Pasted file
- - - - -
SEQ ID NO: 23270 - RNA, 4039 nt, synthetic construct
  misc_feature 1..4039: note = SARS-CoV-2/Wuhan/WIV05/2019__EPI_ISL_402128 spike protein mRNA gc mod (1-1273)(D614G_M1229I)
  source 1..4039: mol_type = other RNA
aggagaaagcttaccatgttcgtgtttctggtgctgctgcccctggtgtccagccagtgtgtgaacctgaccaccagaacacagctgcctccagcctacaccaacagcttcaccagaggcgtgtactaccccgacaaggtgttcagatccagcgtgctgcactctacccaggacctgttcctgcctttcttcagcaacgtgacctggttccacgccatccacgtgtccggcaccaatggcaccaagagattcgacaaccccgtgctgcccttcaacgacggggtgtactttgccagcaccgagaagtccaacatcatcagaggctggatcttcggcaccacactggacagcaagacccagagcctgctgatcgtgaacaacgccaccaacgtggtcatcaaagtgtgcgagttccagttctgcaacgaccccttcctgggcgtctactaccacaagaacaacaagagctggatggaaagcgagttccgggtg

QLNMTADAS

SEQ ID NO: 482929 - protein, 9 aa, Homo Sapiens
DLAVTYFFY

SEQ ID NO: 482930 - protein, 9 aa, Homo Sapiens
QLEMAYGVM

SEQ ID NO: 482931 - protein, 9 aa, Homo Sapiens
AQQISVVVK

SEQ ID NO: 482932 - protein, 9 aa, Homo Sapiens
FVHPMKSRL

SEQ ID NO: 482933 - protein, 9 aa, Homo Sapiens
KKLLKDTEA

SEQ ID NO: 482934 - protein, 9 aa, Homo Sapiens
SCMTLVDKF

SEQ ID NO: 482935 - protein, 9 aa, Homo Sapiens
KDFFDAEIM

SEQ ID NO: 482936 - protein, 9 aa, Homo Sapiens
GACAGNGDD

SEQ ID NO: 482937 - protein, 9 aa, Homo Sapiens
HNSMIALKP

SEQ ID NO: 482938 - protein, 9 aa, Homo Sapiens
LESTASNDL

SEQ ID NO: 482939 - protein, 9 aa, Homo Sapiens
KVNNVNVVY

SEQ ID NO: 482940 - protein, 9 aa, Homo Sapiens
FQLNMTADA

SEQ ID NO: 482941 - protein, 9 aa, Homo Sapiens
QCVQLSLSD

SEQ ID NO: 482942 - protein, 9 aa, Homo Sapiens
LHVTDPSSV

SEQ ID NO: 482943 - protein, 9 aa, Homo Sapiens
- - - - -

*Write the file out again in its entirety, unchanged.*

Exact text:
SEQ ID NO: 23270 - RNA, 4039 nt, synthetic construct
  misc_feature 1..4039: note = SARS-CoV-2/Wuhan/WIV05/2019__EPI_ISL_402128 spike protein mRNA gc mod (1-1273)(D614G_M1229I)
  source 1..4039: mol_type = other RNA
aggagaaagcttaccatgttcgtgtttctggtgctgctgcccctggtgtccagccagtgtgtgaacctgaccaccagaacacagctgcctccagcctacaccaacagcttcaccagaggcgtgtactaccccgacaaggtgttcagatccagcgtgctgcactctacccaggacctgttcctgcctttcttcagcaacgtgacctggttccacgccatccacgtgtccggcaccaatggcaccaagagattcgacaaccccgtgctgcccttcaacgacggggtgtactttgccagcaccgagaagtccaacatcatcagaggctggatcttcggcaccacactggacagcaagacccagagcctgctgatcgtgaacaacgccaccaacgtggtcatcaaagtgtgcgagttccagttctgcaacgaccccttcctgggcgtctactaccacaagaacaacaagagctggatggaaagcgagttccgggtg

QLNMTADAS

SEQ ID NO: 482929 - protein, 9 aa, Homo Sapiens
DLAVTYFFY

SEQ ID NO: 482930 - protein, 9 aa, Homo Sapiens
QLEMAYGVM

SEQ ID NO: 482931 - protein, 9 aa, Homo Sapiens
AQQISVVVK

SEQ ID NO: 482932 - protein, 9 aa, Homo Sapiens
FVHPMKSRL

SEQ ID NO: 482933 - protein, 9 aa, Homo Sapiens
KKLLKDTEA

SEQ ID NO: 482934 - protein, 9 aa, Homo Sapiens
SCMTLVDKF

SEQ ID NO: 482935 - protein, 9 aa, Homo Sapiens
KDFFDAEIM

SEQ ID NO: 482936 - protein, 9 aa, Homo Sapiens
GACAGNGDD

SEQ ID NO: 482937 - protein, 9 aa, Homo Sapiens
HNSMIALKP

SEQ ID NO: 482938 - protein, 9 aa, Homo Sapiens
LESTASNDL

SEQ ID NO: 482939 - protein, 9 aa, Homo Sapiens
KVNNVNVVY

SEQ ID NO: 482940 - protein, 9 aa, Homo Sapiens
FQLNMTADA

SEQ ID NO: 482941 - protein, 9 aa, Homo Sapiens
QCVQLSLSD

SEQ ID NO: 482942 - protein, 9 aa, Homo Sapiens
LHVTDPSSV

SEQ ID NO: 482943 - protein, 9 aa, Homo Sapiens